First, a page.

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The Snaefellsjokull National Park was officially established on the 28th of June 2001, thus becoming the fourth national park of the country.  Its boundaries follow the eastern border of the Gufuskalar estate on the northern part of the peninsula, a line east of the glacier and along the eastern edge of the Haahraun lava field to the Gjafavik cove in the south.

Within its boundaries are highly interesting geological phenomena and historical sites.  According to geological findings, the volcanic drift belt crossed the Snaefells Peninsula about 6 million years ago.  The volcanic activity at that time was similar to the one now experienced in the present volcanic area.  Rivers, and later the ice age glaciation, carved the country and removed 500-1000 metres off the lava plateau.  Intrusions of rhyolitic rock were created and sedimentation covered the base rock.  Volcanic activity started again about 2 million years ago, mainly in the Ljosufjoll, the Lysuskard and Snaefellsjokull areas.  This activity was unlike the earlier volcanism, because of the lack of drift and the different composition of the tephra. The Snaefellsjokull area extends from Mt. Maelifell in the east and the headland Ondverdarnes in the west.

The most obvious lava fields in the westernmost part of the peninsula are Budahraun, Hnausahraun, Klifhraun, Hellnahraun, Haahraun, Neshraun, Saxholahraun, Prestahraun and Vaejuhraun.  All of them are rugged AA-lavas except Neshraun, which is a Pahoe hoe lava, created by the caters Ondverdanesholar.  The lava fields Hnausahraun, Klifhraun, Hellnahraun and Vaejuhraun are probably younger than 1750 years, but the Haahraun was created by an eruption of the main crater of the Snaefellsjokull 1750 years ago.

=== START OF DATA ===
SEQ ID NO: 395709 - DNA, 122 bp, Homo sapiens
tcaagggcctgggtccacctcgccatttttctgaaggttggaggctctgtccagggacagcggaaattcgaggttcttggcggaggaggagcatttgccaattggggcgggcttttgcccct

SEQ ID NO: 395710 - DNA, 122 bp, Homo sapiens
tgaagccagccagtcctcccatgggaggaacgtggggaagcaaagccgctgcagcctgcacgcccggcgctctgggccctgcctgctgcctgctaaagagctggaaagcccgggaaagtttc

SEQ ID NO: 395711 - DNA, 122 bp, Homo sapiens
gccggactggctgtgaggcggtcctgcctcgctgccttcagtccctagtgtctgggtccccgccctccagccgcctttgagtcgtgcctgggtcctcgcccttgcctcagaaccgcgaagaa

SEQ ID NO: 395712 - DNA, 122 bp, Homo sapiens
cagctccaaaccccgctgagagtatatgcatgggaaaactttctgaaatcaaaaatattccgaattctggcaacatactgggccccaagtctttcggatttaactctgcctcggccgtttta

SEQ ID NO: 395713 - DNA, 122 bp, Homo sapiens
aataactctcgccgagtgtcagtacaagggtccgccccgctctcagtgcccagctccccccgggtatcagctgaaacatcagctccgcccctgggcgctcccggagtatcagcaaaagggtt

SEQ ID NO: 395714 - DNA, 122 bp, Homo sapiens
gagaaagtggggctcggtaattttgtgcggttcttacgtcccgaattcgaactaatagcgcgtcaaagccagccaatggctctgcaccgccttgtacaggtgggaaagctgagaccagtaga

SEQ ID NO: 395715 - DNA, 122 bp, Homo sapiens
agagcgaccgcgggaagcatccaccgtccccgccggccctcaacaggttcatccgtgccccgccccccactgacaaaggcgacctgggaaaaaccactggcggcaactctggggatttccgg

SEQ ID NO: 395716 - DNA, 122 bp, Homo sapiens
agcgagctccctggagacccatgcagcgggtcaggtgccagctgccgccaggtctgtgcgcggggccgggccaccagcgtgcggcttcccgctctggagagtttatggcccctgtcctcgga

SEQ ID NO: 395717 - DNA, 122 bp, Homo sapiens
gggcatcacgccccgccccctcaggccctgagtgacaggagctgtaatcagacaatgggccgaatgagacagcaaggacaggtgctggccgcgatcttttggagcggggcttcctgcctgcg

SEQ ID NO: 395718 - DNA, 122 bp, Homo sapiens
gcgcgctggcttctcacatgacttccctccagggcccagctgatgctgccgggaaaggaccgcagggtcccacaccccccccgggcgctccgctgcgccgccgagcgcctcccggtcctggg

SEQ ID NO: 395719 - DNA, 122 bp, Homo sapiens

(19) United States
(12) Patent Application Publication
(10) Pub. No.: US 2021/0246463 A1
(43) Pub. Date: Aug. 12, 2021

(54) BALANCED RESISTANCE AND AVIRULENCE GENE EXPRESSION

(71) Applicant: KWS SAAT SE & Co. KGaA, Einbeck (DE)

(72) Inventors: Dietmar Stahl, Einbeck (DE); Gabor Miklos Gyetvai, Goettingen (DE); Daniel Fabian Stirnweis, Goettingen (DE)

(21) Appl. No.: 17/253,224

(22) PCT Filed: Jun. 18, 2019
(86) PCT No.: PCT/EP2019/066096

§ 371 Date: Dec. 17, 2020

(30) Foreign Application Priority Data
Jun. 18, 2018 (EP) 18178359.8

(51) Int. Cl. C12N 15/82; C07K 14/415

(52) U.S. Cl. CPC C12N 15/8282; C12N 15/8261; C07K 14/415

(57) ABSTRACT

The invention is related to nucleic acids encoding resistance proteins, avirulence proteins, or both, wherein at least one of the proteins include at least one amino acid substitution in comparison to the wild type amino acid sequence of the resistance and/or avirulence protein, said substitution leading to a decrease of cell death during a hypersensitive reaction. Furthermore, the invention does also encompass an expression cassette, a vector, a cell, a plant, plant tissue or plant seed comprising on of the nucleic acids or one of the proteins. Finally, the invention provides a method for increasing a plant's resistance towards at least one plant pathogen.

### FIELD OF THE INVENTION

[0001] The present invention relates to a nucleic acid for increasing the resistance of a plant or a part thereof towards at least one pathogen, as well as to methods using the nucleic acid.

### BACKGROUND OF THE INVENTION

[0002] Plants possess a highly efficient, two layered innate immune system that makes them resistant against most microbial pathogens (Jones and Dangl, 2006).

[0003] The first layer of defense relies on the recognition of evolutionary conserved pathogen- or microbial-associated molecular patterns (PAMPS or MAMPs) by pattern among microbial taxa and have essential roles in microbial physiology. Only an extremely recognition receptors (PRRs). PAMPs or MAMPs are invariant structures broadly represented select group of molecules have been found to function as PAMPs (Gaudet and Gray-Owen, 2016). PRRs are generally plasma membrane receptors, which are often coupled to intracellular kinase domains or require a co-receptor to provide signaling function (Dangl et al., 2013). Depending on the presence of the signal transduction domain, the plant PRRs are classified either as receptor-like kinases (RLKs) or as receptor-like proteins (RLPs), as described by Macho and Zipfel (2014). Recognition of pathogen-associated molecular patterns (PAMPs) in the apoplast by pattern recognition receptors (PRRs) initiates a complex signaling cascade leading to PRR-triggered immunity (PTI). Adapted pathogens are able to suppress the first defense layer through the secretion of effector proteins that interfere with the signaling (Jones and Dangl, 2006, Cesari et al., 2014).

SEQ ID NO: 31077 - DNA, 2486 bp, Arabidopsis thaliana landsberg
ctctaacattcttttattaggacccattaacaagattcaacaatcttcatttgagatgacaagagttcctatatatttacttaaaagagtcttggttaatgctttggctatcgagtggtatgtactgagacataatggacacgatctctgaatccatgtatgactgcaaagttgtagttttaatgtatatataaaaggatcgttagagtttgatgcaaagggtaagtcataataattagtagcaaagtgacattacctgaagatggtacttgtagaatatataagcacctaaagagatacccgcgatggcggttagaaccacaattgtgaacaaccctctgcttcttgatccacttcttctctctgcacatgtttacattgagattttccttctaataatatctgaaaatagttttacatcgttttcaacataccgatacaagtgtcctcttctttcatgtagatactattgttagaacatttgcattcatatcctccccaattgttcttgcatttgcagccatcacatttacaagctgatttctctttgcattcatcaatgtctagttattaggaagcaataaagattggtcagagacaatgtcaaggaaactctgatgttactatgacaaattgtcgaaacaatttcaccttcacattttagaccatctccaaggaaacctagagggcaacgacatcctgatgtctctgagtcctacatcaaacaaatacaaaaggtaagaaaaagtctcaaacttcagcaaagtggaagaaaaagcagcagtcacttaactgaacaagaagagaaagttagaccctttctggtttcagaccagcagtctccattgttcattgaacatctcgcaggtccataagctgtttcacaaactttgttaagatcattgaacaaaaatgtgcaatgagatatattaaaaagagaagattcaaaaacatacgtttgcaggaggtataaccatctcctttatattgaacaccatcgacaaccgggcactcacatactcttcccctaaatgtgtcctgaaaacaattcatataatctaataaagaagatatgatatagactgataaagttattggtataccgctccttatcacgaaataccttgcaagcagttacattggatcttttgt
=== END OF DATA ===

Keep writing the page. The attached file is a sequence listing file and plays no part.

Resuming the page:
During the earlier centuries there was much activity along the coastline.  Wherever natural conditions permitted there were fishing outfits, where hundreds, if not thousands, of fishermen, who frequented the rich fishing grounds near the coast, used open rowboats.  The most renowned among them is Dritvik, where the fisheries probably started in the 16th century, and according to the annals between 300 and 400 fishermen, using 60 boats, spent the time during the fishing seasons.  Ruins of their abodes and a lava maze on the hill south of the cove are protected.

Other historic monuments are scattered within the national park limits, some of which are connected with legends and historic novels.  Two novels have put the Snaefells Peninsula permanently on the map, Jules Verne’s novel “The Journey to the Centre of the Earth”, and Halldor Kiljan Laxness’ novel “Christianity under the Glacier”. (Picture:  waterfall Klukkufoss).

According to the goal of the legislation concerning the protection of nature, emphasis is put on making the national park easily accessible for the public and the availability of information about historic and cultural sites.  The staff of the national park will be able to receive school classes and other groups to educate them and take them around on sightseeing tours.

Tourism and quality services within the park are the main goals for the future.  As before, individual travellers as well as groups will frequent this area, and maps with hiking trails and spots of interests will help them enjoy this remarkable part of the country to the fullest.  The Nature Preservation Institute is responsible for the national park and its 5 years protection plans.


NP Snaefellsjo

Wardens Office
open all year

Klettsbud 7
360 Hellissandur.
Tel.:  436-6860

Laugarbrekka Djupalonssandur Dritvik Londrangar
Thufubjarg Gufuskalar Ingjaldsholl Snaefellsjokull
Historical sites Vatnshellir Cave . .

The Mountain View and Hiking Trails


Icelandic Saga

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